This object is on display in the Apollo to the Moon exhibition at the National Mall building.
Country of Origin: Germany
3-D: 14 x 13.3 x 16.5cm (5 1/2 x 5 1/4 x 6 1/2 in.)
3-D (Lens): 9.5 x 5.1cm (3 3/4 x 2 in.)
Materials: Metal, glass, plastic, velcro
With this camera, a Leica Ig model, astronaut John H. Glenn, Jr., took the first human-shot, color still photographs of the Earth during his three-orbit mission on February 20, 1962. (Soviet cosmonaut Gherman Titov had made pioneering movie footage during his one-day flight in August 1961.) Glenn's pictures paved the way for future Earth photography experiments on American human spaceflight missions.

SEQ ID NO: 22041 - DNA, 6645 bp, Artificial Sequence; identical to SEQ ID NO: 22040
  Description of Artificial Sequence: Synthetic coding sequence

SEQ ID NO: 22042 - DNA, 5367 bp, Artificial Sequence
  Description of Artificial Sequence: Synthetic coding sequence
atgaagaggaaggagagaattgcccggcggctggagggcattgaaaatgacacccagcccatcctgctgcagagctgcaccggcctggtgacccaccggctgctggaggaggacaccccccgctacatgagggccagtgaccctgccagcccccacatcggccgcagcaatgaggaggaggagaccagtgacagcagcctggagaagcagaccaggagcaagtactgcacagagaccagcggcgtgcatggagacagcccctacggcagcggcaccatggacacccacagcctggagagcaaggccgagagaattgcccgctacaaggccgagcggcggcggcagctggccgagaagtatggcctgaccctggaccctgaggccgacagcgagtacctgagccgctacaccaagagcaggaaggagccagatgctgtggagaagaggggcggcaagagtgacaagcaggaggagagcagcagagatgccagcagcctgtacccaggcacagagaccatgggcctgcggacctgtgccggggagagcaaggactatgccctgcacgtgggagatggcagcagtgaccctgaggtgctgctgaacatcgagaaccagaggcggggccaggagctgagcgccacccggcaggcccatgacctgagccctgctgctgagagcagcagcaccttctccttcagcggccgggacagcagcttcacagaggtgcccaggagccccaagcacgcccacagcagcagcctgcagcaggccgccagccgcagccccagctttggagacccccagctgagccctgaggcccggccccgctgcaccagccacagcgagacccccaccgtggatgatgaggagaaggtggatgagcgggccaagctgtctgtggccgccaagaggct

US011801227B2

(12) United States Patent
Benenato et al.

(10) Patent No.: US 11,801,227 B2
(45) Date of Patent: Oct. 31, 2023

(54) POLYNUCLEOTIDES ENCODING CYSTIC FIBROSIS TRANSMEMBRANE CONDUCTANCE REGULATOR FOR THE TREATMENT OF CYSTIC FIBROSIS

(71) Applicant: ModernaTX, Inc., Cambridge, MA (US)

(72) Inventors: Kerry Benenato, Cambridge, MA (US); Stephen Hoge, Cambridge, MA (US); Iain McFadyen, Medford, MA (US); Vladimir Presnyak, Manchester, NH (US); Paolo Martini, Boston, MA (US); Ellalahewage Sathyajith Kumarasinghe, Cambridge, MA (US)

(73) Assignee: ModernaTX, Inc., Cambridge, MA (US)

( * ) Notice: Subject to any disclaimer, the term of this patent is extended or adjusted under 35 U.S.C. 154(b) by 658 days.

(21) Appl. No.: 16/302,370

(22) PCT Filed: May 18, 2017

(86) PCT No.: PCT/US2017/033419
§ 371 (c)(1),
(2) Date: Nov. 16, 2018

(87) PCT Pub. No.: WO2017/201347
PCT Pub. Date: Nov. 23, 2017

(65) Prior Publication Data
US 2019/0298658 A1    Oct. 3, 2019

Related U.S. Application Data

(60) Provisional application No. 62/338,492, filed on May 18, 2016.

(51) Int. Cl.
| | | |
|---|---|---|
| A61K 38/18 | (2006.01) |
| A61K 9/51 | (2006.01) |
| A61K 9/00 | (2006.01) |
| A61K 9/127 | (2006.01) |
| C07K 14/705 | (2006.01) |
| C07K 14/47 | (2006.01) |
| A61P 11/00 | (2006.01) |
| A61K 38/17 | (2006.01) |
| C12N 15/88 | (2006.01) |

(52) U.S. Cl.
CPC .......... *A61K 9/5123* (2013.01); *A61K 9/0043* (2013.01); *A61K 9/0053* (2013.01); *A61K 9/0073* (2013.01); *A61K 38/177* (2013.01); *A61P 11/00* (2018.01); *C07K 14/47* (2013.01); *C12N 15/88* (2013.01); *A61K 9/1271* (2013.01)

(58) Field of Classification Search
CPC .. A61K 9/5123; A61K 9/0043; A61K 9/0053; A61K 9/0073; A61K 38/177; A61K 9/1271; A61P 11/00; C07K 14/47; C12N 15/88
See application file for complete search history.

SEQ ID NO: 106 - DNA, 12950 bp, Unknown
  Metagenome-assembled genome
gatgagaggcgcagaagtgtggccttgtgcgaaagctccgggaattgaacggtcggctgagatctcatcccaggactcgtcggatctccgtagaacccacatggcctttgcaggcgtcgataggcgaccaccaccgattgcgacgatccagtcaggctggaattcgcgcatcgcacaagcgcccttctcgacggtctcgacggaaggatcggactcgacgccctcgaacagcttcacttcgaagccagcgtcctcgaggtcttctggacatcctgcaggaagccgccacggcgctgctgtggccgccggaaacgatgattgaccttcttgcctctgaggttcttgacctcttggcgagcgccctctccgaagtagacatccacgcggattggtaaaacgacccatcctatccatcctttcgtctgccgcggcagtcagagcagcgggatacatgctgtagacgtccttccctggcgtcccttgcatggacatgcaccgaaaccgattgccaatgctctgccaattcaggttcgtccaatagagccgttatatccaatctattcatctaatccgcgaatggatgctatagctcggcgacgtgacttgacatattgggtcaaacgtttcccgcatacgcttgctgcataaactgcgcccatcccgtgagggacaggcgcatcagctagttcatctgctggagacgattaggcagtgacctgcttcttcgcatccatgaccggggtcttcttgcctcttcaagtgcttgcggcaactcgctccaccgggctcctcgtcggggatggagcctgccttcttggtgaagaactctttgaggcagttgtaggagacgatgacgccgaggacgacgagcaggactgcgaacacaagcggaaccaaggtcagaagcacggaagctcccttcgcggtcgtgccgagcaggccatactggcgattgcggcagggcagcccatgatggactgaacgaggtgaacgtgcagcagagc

Because Glenn was wearing a spacesuit helmet and could not get his eye close to a built-in viewfinder, NASA selected a this high-quality camera that allowed them to attach a customized sight on top. Glenn found the camera easy to use, in part because he could exploit zero-gravity's advantages. "When I needed both hands, I just let go of the camera and it floated there in front of me," he said in his later memoir.
NASA transferred this camera to the Smithsonian in 1963 with a group of Glenn artifacts.
Transferred from NASA
Inventory number: A19670197000